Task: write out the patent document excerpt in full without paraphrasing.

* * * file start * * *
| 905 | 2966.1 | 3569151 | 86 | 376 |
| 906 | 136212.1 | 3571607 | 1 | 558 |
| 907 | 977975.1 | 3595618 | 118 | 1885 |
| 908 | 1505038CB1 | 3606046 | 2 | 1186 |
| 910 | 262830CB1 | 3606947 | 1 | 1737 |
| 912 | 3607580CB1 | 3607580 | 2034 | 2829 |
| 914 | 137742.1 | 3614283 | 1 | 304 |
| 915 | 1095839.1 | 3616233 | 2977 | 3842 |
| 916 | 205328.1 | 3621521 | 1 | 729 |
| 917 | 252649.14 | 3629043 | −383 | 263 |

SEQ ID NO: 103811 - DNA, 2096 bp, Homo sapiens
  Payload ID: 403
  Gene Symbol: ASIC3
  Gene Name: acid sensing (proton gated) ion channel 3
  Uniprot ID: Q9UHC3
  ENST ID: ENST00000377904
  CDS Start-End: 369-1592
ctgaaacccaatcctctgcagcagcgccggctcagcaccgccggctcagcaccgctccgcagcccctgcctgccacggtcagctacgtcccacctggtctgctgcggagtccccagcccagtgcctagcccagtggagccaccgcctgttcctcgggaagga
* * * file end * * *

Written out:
| 905 | 2966.1 | 3569151 | 86 | 376 |
| 906 | 136212.1 | 3571607 | 1 | 558 |
| 907 | 977975.1 | 3595618 | 118 | 1885 |
| 908 | 1505038CB1 | 3606046 | 2 | 1186 |
| 910 | 262830CB1 | 3606947 | 1 | 1737 |
| 912 | 3607580CB1 | 3607580 | 2034 | 2829 |
| 914 | 137742.1 | 3614283 | 1 | 304 |
| 915 | 1095839.1 | 3616233 | 2977 | 3842 |
| 916 | 205328.1 | 3621521 | 1 | 729 |
| 917 | 252649.14 | 3629043 | −383 | 263 |

SEQ ID NO: 103811 - DNA, 2096 bp, Homo sapiens
  Payload ID: 403
  Gene Symbol: ASIC3
  Gene Name: acid sensing (proton gated) ion channel 3
  Uniprot ID: Q9UHC3
  ENST ID: ENST00000377904
  CDS Start-End: 369-1592
ctgaaacccaatcctctgcagcagcgccggctcagcaccgccggctcagcaccgctccgcagcccctgcctgccacggtcagctacgtcccacctggtctgctgcggagtccccagcccagtgcctagcccagtggagccaccgcctgttcctcgggaagga